04 February 2019
Taken in Camera+ and edited in Snapseed, Stackables and Pixlr.
Click onto image to enlarge. Let me know your response to this photomontage. Prints are available upon request.
The visual has become paramount to comprehend the value of my days. As I drift with intention and a sense that each day is a gift, that imagery challenges and steers how I live. And I know that nature’s artistry helps to fulfill my purpose.
Over decades I have emerged with a duty is to present how Mother Nature brings such genuine magnificence and omnipresence to each and every day, no matter where or how my time is spent. Sure its glorious to visit exotic places, but that’s not necessary to discover the unparalleled joy of a leaf’s difference from season to season, of the majesty of a sunrise and sunset.
Still, humans believe that they can see what is before them, the obvious that becomes a whole world to interpret through the seen. But it’s not that simple. Truly, noticing what is in one’s visual universe is a cultivated act of being. We spent an inordinate amount of time under-seeing.
It happens quickly as if it never did. That sudden realization, seeing a fragment of life that was always there yet unnoticed. It’s a common occurrence. You pass that way daily or occasionally, and do not notice a sign that signifies its placement, a tree that bends over the road, a building with a particular kind of architecture.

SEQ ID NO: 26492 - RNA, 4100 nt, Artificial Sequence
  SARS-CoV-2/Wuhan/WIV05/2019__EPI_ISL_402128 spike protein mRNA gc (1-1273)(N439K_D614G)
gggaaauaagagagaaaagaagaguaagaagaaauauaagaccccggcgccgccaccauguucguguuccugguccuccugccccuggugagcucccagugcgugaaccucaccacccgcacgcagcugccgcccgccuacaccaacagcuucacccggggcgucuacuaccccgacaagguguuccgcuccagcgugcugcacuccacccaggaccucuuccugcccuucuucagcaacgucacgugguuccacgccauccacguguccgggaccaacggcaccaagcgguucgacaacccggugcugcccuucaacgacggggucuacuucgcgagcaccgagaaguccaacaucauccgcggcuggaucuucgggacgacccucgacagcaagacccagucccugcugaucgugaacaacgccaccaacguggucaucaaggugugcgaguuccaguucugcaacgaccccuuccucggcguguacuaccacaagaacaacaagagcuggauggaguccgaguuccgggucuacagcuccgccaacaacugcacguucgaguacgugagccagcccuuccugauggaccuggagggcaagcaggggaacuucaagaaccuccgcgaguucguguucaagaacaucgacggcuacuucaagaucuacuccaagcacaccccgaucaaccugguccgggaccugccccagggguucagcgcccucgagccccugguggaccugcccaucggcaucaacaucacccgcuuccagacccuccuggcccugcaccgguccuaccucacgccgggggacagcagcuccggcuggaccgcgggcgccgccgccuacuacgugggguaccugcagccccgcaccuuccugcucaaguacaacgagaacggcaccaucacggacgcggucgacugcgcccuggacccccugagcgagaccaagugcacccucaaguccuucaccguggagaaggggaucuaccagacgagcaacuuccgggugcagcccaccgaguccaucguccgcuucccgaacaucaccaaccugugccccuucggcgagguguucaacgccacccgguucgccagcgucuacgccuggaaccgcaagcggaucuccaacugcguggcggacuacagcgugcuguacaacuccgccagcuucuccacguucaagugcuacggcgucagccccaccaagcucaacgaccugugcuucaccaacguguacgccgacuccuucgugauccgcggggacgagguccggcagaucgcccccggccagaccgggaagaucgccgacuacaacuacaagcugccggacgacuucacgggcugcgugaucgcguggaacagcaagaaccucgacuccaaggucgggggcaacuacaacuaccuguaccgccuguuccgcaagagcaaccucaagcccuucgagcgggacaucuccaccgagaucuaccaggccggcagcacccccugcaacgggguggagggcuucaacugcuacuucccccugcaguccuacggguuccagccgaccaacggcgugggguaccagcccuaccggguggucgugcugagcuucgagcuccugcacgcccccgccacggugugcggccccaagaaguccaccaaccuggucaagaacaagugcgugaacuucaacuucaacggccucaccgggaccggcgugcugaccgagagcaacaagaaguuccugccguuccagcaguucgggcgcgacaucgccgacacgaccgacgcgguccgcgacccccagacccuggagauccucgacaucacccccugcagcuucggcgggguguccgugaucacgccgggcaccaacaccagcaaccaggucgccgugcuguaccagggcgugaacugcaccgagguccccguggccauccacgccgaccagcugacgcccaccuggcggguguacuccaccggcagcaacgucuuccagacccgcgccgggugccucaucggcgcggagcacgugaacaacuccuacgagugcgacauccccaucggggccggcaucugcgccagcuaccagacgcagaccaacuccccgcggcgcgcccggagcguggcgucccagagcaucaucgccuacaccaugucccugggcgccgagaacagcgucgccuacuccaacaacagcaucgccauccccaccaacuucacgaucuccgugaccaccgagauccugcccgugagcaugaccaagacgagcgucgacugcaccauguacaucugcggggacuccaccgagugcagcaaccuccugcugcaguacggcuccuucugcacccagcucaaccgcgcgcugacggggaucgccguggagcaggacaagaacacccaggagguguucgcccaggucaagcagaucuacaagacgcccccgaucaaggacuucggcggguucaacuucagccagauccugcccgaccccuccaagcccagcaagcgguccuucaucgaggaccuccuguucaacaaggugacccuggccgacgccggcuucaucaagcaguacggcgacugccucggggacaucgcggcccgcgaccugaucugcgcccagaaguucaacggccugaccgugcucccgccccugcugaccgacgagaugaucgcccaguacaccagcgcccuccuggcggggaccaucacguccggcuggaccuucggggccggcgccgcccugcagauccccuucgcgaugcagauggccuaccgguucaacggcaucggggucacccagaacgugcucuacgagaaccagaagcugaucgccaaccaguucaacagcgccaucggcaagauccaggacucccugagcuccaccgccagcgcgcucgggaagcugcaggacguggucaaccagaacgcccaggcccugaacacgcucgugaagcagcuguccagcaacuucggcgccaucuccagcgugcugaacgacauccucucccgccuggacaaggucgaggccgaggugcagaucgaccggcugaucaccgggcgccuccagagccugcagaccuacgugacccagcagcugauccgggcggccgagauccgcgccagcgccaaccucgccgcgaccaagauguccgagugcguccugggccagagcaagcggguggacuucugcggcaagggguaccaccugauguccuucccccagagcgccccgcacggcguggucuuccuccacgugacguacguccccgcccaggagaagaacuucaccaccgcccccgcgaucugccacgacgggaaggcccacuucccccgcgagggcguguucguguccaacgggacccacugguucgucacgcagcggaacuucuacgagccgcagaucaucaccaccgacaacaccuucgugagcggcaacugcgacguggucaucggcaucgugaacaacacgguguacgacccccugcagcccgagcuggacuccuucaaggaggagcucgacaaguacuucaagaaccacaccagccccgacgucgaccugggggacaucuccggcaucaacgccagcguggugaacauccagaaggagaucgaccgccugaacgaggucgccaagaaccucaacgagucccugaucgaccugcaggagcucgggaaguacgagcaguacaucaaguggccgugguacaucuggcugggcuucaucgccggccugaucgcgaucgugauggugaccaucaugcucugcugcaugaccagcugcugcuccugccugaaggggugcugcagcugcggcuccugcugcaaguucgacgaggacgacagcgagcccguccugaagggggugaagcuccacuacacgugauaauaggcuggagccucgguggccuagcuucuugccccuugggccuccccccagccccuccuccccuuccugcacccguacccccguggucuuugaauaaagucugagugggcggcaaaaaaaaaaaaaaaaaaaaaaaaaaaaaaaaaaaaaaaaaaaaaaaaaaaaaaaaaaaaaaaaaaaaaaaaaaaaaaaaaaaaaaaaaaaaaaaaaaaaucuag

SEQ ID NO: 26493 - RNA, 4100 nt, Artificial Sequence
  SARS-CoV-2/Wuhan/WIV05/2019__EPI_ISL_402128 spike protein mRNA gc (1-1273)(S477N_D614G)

It reminds me of the photomontages that I am creating, and how double exposure is an apt example. To separate the images reveals what is hidden and re-imagined by the process. To make them brings a different patina to what already exists. To see the unseen allows for veils of the past to fade away.
This under-seeing is a human phenomenon, a trick of the eye, the mind, the brain. And then what changes to allow for this sighting that alluded us for so long? Over time do we become more aware, less aware or just who we are? Regardless, the surprise discovery seems to bring a moment of serendipitous joy, and realization of what we might be missing in our visual universe.
It becomes habit to glance over what is essential to sustain life, and to understand the need for balance between nature and human nature. We also underplay our abilities and gloss over our loss or lack of awareness.
When you become driven by the camera’s lens or the painter’s tools or the sculptor chisel, any means that gives significance to seeing, a world of inner and outer depth is revealed. That appearance becomes a way to continually develop and grow. It affects an entire way of being.
In the Lens section is an example of what I see and what I re-imagine from that sighting. On a late afternoon walk through a local botanical garden light gave dried seedpods a subtle glow. And as I pressed the shutter, I reinvented them into an image of a dazzling silvery grouping: the realization of twilight’s glow.
Clearly I’m trying to give nature a voice. That is, to act as a visual voice for her. We are so tiny within the wondrous natural universe. And yet our assault has been accumulative with great consequences. We take natural habitats, dump chemicals in the waterways, release carbon dioxide into our airwaves, drill in pristine lands, reduce the wild, bring invasive species to struggle our planet. The ramifications are steadily appearing, steering an unknown journey for life forward.
I ask myself: What happened to coexistence?